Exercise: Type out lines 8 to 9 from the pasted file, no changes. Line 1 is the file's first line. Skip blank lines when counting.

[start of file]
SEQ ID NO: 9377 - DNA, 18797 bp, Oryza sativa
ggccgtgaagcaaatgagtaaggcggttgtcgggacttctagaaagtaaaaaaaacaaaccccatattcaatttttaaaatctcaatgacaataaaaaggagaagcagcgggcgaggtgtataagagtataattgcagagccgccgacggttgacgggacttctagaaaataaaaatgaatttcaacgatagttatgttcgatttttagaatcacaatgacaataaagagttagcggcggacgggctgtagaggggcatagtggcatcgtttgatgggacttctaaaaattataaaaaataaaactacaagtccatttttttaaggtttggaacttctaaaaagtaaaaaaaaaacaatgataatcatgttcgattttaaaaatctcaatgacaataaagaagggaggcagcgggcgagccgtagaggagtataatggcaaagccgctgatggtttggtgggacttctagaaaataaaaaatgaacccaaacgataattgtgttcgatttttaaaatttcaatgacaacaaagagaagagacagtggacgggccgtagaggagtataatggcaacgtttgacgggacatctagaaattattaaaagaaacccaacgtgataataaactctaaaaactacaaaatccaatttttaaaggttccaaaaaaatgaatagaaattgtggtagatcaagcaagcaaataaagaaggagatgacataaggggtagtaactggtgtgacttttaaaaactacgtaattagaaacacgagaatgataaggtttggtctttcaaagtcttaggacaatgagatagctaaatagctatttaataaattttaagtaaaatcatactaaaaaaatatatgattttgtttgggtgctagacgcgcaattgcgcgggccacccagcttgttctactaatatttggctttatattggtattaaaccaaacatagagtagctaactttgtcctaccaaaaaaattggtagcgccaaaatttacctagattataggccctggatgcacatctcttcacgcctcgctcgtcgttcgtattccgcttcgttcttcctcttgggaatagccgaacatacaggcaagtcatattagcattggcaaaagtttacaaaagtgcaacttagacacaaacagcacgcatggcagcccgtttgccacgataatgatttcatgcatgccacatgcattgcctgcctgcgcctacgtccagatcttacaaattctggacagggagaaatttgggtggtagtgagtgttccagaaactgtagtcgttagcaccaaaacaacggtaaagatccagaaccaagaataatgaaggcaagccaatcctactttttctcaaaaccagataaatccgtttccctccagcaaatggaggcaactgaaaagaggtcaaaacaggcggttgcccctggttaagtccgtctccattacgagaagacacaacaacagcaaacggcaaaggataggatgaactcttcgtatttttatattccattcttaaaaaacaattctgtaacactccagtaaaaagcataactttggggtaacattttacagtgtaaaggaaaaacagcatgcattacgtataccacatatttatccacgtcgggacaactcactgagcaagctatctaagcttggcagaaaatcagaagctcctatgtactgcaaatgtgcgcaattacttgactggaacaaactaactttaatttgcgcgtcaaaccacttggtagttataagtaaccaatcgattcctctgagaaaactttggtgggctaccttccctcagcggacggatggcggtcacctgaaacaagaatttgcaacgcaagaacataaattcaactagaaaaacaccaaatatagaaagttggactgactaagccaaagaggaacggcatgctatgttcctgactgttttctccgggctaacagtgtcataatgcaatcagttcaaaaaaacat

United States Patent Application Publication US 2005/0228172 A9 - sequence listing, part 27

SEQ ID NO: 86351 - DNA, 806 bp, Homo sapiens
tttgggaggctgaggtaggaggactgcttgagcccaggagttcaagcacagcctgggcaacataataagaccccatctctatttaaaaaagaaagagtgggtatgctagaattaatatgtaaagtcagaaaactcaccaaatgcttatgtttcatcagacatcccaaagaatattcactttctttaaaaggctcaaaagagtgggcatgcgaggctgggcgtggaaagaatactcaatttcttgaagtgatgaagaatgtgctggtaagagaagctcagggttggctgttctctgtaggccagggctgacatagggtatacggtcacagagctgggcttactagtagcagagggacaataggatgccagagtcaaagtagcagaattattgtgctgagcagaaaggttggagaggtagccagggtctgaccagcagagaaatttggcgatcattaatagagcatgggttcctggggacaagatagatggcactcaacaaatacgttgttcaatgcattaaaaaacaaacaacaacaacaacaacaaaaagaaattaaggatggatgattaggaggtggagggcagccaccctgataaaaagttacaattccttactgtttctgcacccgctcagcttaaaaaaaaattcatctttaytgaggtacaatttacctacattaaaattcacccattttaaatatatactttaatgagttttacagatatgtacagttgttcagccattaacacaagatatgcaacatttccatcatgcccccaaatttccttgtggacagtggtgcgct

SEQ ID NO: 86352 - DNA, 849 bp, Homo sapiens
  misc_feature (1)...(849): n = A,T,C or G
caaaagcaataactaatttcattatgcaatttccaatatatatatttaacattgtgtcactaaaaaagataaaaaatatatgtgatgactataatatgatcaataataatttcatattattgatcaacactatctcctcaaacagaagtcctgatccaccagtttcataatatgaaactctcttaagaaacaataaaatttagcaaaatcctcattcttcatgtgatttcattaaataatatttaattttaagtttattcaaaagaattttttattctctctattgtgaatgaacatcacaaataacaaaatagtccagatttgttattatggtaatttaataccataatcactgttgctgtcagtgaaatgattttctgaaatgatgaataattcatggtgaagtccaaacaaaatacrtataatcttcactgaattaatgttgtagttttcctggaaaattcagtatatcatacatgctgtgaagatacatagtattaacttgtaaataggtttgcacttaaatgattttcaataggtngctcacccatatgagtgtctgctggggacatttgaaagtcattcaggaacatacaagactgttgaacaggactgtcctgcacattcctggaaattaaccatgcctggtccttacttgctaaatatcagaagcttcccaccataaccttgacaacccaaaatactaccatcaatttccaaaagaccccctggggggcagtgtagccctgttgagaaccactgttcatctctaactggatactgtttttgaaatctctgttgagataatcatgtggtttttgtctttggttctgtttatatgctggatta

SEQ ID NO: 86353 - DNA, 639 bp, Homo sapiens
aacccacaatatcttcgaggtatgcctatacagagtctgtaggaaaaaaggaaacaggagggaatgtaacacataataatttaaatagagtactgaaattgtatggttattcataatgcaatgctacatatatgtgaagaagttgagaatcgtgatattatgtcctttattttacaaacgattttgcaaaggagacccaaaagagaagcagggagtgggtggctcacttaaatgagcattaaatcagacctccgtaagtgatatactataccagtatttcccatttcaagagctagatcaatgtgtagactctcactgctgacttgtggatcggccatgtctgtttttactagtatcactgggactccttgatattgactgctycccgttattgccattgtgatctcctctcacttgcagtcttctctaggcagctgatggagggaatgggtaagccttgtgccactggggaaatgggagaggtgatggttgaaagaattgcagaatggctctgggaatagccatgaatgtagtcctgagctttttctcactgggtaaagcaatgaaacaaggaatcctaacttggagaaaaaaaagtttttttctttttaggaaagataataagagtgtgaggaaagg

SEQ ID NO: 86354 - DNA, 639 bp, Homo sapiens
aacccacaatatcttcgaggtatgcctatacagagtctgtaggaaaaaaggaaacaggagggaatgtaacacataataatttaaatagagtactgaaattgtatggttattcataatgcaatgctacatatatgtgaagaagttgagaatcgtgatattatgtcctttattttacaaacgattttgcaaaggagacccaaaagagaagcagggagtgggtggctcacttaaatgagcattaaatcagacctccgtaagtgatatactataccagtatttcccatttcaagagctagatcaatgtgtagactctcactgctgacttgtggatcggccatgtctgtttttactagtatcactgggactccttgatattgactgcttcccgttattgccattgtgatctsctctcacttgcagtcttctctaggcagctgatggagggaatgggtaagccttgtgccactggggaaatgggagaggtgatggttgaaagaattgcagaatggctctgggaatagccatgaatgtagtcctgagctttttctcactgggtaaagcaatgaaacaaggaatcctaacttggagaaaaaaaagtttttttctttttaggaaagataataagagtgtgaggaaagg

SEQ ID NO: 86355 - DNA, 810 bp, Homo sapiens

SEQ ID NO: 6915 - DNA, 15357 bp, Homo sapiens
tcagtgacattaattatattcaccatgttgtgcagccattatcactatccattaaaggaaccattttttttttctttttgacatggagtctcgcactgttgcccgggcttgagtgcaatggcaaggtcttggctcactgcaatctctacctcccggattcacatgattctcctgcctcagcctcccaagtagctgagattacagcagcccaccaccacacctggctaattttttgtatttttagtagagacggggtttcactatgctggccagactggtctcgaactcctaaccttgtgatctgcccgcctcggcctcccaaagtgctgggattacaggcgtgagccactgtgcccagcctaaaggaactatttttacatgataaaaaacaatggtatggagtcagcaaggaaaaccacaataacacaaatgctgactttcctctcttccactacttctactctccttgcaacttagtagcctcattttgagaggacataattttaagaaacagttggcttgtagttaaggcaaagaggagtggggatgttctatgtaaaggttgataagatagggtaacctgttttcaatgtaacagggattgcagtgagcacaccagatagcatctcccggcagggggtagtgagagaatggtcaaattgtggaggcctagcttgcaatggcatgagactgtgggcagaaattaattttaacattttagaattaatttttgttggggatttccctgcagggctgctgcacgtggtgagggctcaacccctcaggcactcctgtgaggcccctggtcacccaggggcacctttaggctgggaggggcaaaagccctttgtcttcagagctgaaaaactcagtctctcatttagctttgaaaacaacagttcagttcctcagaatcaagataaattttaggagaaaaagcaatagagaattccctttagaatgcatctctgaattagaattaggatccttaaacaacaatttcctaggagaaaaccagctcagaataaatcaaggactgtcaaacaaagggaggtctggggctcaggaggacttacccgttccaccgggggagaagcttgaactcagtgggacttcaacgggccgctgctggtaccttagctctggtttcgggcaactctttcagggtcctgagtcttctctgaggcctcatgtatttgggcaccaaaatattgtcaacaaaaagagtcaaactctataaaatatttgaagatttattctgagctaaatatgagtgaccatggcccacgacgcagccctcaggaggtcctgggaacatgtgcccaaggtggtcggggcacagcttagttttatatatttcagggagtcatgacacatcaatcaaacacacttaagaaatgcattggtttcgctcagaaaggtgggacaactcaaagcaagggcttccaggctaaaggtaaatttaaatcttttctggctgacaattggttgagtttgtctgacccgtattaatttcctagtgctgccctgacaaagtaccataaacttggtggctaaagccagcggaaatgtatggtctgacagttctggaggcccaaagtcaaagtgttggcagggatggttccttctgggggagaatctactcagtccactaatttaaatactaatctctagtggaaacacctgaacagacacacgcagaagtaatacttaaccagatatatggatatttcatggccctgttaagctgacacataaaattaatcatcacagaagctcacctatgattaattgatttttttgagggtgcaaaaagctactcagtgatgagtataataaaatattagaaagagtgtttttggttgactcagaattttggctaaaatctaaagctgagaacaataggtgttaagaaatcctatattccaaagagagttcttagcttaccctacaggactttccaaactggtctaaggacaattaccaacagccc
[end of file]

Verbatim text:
caaaagcaataactaatttcattatgcaatttccaatatatatatttaacattgtgtcactaaaaaagataaaaaatatatgtgatgactataatatgatcaataataatttcatattattgatcaacactatctcctcaaacagaagtcctgatccaccagtttcataatatgaaactctcttaagaaacaataaaatttagcaaaatcctcattcttcatgtgatttcattaaataatatttaattttaagtttattcaaaagaattttttattctctctattgtgaatgaacatcacaaataacaaaatagtccagatttgttattatggtaatttaataccataatcactgttgctgtcagtgaaatgattttctgaaatgatgaataattcatggtgaagtccaaacaaaatacrtataatcttcactgaattaatgttgtagttttcctggaaaattcagtatatcatacatgctgtgaagatacatagtattaacttgtaaataggtttgcacttaaatgattttcaataggtngctcacccatatgagtgtctgctggggacatttgaaagtcattcaggaacatacaagactgttgaacaggactgtcctgcacattcctggaaattaaccatgcctggtccttacttgctaaatatcagaagcttcccaccataaccttgacaacccaaaatactaccatcaatttccaaaagaccccctggggggcagtgtagccctgttgagaaccactgttcatctctaactggatactgtttttgaaatctctgttgagataatcatgtggtttttgtctttggttctgtttatatgctggatta

SEQ ID NO: 86353 - DNA, 639 bp, Homo sapiens